Today’s unemployment figures show the labour market has stood up to the recession much more strongly than in the past, with vacancies up and redundancies down.
Today’s unemployment figures show that the labour market has stood up to the recession much more strongly than in the past, but that the prospects for the remainder of 2010 remain highly uncertain. As ever, the combination of different measures and different time periods makes drawing firm conclusions about what’s going on part rigorous analysis, part sticking your finger in the air.
International Labour Organisation (ILO) unemployment fell by 3,000 between October and December, compared to the previous quarter (that’s pretty much a statistical dead heat). Conversely, the number of people claiming Jobseeker’s Allowance rose by 23,500 in January, following two monthly falls. The post Christmas period is always a tough time for jobs, so a rise was to be expected.
We’re almost certain to see a similar trend on the ILO measure once the data for the new year feeds through into the published figures.
Looking back to what was happening this time last year underlines that the labour market is now in a far better state than it was then. The February 2009 stats showed a 73,000 rise in the JSA rate and a 146,000 jump in ILO unemployment.
Today’s numbers on vacancies and redundancies – the former up and the latter down – clearly shows we have turned a corner:
Beneath the headline figures the mixed picture continues. Youth unemployment fell again, by 13,000 on the quarter, but the number out of work for over a year rose by 37,000 during the same period. There are now 663,000 people long term unemployed, making the need for a job guarantee scheme even more pressing.
With private sector demand still weak and a public sector squeeze on the horizon, the prospects for job growth – rather than flat line – remains highly uncertain. Surely this is not the time to be withdrawing government support from the economy?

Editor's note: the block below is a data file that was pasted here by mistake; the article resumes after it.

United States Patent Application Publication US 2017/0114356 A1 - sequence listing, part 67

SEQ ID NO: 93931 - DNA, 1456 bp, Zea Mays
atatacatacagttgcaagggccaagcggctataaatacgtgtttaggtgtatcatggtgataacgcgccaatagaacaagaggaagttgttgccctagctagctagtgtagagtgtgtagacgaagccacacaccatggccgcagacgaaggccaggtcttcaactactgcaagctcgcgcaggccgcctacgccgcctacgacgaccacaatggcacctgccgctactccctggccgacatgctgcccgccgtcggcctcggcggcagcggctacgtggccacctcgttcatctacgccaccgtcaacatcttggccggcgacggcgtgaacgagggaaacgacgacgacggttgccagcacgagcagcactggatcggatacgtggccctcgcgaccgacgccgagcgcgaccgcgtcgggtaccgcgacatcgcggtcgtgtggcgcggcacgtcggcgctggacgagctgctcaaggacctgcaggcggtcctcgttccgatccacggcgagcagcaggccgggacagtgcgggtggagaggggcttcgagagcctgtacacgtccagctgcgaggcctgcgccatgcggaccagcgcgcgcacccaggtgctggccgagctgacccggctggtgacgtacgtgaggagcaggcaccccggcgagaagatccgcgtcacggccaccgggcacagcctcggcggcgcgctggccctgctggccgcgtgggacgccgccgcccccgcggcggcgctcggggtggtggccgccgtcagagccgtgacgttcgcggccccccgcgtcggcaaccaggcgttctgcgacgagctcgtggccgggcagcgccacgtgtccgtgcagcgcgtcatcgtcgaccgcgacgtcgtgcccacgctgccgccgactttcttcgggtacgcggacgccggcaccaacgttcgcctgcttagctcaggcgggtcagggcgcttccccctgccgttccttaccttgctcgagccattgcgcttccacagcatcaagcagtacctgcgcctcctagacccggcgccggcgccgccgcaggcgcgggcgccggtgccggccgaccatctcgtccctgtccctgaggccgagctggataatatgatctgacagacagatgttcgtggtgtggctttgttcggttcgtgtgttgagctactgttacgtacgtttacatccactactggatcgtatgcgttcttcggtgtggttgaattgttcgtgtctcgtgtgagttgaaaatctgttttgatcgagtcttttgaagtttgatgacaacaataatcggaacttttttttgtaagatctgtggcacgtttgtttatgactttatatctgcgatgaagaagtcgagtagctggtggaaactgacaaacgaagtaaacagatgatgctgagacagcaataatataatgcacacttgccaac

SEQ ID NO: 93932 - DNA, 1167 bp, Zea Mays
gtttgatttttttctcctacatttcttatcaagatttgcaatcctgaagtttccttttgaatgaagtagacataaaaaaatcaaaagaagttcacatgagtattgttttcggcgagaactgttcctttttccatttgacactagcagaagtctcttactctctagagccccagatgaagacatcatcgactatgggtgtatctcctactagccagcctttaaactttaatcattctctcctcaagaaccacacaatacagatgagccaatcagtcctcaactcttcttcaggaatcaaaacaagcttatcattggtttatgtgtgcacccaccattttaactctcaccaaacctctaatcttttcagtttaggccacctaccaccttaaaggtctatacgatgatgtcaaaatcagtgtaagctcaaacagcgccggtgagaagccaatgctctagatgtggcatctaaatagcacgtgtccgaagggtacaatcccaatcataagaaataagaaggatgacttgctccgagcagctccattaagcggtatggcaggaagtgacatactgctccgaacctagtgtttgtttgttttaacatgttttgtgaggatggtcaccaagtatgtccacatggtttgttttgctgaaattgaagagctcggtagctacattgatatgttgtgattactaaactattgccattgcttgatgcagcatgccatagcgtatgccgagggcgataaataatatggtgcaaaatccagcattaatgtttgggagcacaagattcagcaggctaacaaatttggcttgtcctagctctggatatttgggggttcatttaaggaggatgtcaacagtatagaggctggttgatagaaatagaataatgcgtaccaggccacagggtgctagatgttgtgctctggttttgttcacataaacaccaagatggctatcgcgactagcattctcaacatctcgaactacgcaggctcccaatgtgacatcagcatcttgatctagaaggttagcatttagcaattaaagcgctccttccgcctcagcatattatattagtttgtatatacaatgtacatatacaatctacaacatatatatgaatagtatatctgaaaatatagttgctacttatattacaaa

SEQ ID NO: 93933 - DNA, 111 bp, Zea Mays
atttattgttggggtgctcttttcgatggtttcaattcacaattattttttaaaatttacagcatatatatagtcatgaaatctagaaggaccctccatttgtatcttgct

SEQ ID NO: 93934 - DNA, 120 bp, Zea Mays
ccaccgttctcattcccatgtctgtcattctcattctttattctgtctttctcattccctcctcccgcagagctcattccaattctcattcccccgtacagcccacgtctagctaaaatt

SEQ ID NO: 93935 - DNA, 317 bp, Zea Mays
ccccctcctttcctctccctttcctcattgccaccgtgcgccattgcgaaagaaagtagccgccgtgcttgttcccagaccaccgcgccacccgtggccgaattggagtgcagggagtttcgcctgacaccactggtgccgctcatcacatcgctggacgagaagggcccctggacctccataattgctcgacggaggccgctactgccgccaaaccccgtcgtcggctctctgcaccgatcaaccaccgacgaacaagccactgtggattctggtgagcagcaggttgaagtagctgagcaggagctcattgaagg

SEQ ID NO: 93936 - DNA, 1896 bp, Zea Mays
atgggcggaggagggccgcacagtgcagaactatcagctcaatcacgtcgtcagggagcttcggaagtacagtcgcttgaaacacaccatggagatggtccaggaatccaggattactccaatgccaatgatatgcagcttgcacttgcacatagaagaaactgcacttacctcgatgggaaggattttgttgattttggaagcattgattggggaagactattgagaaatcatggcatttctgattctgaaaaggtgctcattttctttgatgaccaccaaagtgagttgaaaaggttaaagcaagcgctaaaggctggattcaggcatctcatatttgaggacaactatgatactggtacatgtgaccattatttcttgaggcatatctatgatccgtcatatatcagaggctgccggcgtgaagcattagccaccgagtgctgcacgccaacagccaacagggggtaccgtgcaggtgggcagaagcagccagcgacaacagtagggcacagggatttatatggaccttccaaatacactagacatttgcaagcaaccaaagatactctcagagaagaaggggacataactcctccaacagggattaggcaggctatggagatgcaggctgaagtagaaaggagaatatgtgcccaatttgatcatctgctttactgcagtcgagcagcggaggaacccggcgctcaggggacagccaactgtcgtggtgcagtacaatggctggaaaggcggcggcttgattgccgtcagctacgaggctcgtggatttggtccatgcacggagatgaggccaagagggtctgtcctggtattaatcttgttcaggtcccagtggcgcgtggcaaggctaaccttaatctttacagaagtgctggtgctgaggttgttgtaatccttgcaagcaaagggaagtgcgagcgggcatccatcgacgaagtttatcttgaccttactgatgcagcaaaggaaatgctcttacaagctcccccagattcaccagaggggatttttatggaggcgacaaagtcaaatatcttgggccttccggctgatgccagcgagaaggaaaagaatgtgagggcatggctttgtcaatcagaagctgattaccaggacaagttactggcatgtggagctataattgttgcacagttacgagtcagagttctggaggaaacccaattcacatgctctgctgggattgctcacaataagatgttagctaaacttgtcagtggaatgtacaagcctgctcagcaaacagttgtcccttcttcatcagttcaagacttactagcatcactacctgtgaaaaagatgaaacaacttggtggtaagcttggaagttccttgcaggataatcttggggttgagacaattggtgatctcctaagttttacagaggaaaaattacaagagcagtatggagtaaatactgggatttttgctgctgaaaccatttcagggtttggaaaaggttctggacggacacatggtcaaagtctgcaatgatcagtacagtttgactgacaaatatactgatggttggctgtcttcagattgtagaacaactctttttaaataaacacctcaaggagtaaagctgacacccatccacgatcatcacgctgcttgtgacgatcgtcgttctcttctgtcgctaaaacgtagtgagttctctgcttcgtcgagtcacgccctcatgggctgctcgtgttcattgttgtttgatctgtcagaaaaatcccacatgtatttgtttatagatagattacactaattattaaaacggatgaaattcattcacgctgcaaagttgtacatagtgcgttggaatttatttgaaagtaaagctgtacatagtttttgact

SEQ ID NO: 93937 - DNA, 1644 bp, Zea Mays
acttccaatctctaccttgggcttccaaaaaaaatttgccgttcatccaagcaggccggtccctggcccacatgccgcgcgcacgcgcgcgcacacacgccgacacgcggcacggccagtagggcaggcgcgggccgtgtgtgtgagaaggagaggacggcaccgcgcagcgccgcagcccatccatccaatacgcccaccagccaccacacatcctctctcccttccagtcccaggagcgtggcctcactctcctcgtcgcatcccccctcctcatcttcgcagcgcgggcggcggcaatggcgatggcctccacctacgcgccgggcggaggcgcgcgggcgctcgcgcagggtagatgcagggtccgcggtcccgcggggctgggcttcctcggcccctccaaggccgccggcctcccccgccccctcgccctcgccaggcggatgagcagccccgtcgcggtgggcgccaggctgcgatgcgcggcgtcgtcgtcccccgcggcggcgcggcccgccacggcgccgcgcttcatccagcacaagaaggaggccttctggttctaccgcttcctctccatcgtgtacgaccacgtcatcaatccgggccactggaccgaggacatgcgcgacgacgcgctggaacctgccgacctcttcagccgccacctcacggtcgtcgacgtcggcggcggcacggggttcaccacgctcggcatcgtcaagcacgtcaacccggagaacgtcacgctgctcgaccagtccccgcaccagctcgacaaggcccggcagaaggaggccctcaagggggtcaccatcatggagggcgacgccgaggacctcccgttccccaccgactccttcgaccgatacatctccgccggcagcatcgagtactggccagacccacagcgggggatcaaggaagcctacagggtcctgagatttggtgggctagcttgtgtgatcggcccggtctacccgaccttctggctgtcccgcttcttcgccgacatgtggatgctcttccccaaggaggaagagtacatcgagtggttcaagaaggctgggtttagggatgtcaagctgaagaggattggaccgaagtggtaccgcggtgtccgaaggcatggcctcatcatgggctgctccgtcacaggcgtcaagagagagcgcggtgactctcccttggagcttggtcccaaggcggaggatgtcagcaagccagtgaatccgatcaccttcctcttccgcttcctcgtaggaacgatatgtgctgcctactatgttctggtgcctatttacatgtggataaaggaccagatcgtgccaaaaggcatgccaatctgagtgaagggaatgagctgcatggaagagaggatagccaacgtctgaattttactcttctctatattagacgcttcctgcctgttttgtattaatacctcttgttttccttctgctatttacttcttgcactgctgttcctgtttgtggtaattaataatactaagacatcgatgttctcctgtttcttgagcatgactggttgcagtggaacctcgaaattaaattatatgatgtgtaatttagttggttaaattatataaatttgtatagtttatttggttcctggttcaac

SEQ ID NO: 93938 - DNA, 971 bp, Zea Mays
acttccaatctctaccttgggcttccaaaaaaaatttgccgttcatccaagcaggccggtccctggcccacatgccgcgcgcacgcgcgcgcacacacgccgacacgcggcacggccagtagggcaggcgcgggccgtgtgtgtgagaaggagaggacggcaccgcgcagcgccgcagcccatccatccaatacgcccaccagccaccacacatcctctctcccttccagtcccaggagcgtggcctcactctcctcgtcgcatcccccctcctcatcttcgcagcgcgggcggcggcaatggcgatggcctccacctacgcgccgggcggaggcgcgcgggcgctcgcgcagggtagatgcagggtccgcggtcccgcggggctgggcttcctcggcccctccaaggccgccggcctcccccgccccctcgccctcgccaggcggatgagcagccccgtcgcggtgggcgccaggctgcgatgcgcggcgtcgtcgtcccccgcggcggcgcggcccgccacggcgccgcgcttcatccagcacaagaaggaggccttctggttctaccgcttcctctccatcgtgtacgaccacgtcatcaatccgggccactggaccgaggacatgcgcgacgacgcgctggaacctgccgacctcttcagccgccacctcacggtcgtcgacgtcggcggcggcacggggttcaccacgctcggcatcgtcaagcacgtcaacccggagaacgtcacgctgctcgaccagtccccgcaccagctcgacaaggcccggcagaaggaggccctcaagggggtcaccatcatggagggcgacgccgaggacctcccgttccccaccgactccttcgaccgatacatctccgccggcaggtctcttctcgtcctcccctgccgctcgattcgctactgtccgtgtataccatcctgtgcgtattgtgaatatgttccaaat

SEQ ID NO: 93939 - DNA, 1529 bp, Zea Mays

The Department for Work and Pensions has also released statistics on inactive benefits, which include preliminary figures showing that the number of people on disability benefits fell during the year to 2009. If these numbers are verified it would be the real story of the recession – preventing people becoming permanently detached from the world of work, which was the devastating and long term consequence of the last two recessions
One final word on the ridiculous story being promoted by the Tories on Jobcentre Plus today. The efforts of Jobcentre Plus and its staff are one of the biggest, if quietest, success stories of the recession. Of course there have been problems in ramping up numbers of staff and extra help for people looking for work.
But what would the Tories suggest instead? Not putting in the extra money and support despite the number of people on JSA doubling? Actually, come to think of it, that’s exactly what they suggest.